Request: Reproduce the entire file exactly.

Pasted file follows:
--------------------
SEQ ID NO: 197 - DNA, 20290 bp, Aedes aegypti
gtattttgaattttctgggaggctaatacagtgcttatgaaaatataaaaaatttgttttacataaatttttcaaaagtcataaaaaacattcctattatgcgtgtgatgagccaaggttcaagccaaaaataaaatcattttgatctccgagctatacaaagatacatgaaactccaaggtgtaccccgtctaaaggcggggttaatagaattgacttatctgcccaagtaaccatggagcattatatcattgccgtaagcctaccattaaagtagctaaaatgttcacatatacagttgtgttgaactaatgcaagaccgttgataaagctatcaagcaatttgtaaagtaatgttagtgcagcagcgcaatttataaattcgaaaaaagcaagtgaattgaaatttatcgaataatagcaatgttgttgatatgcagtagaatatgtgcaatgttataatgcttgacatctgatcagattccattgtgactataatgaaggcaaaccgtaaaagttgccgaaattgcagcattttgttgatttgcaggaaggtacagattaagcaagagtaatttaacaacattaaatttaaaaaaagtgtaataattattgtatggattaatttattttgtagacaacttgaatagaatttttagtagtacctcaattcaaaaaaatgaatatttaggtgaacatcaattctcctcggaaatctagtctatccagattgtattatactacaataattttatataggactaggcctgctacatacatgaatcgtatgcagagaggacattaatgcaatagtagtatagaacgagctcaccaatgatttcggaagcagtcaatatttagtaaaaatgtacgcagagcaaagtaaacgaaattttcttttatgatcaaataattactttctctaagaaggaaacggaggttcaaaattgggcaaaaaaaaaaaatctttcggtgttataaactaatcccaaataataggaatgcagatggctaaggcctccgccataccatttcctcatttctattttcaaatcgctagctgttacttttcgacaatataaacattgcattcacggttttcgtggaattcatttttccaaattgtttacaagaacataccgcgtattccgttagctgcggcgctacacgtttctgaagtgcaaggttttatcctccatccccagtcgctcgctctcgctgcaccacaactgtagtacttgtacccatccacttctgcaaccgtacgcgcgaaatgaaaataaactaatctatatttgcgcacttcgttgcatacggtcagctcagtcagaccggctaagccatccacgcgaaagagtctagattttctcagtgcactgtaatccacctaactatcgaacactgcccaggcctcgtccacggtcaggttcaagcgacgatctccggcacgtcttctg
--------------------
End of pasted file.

SEQ ID NO: 197 - DNA, 20290 bp, Aedes aegypti
gtattttgaattttctgggaggctaatacagtgcttatgaaaatataaaaaatttgttttacataaatttttcaaaagtcataaaaaacattcctattatgcgtgtgatgagccaaggttcaagccaaaaataaaatcattttgatctccgagctatacaaagatacatgaaactccaaggtgtaccccgtctaaaggcggggttaatagaattgacttatctgcccaagtaaccatggagcattatatcattgccgtaagcctaccattaaagtagctaaaatgttcacatatacagttgtgttgaactaatgcaagaccgttgataaagctatcaagcaatttgtaaagtaatgttagtgcagcagcgcaatttataaattcgaaaaaagcaagtgaattgaaatttatcgaataatagcaatgttgttgatatgcagtagaatatgtgcaatgttataatgcttgacatctgatcagattccattgtgactataatgaaggcaaaccgtaaaagttgccgaaattgcagcattttgttgatttgcaggaaggtacagattaagcaagagtaatttaacaacattaaatttaaaaaaagtgtaataattattgtatggattaatttattttgtagacaacttgaatagaatttttagtagtacctcaattcaaaaaaatgaatatttaggtgaacatcaattctcctcggaaatctagtctatccagattgtattatactacaataattttatataggactaggcctgctacatacatgaatcgtatgcagagaggacattaatgcaatagtagtatagaacgagctcaccaatgatttcggaagcagtcaatatttagtaaaaatgtacgcagagcaaagtaaacgaaattttcttttatgatcaaataattactttctctaagaaggaaacggaggttcaaaattgggcaaaaaaaaaaaatctttcggtgttataaactaatcccaaataataggaatgcagatggctaaggcctccgccataccatttcctcatttctattttcaaatcgctagctgttacttttcgacaatataaacattgcattcacggttttcgtggaattcatttttccaaattgtttacaagaacataccgcgtattccgttagctgcggcgctacacgtttctgaagtgcaaggttttatcctccatccccagtcgctcgctctcgctgcaccacaactgtagtacttgtacccatccacttctgcaaccgtacgcgcgaaatgaaaataaactaatctatatttgcgcacttcgttgcatacggtcagctcagtcagaccggctaagccatccacgcgaaagagtctagattttctcagtgcactgtaatccacctaactatcgaacactgcccaggcctcgtccacggtcaggttcaagcgacgatctccggcacgtcttctg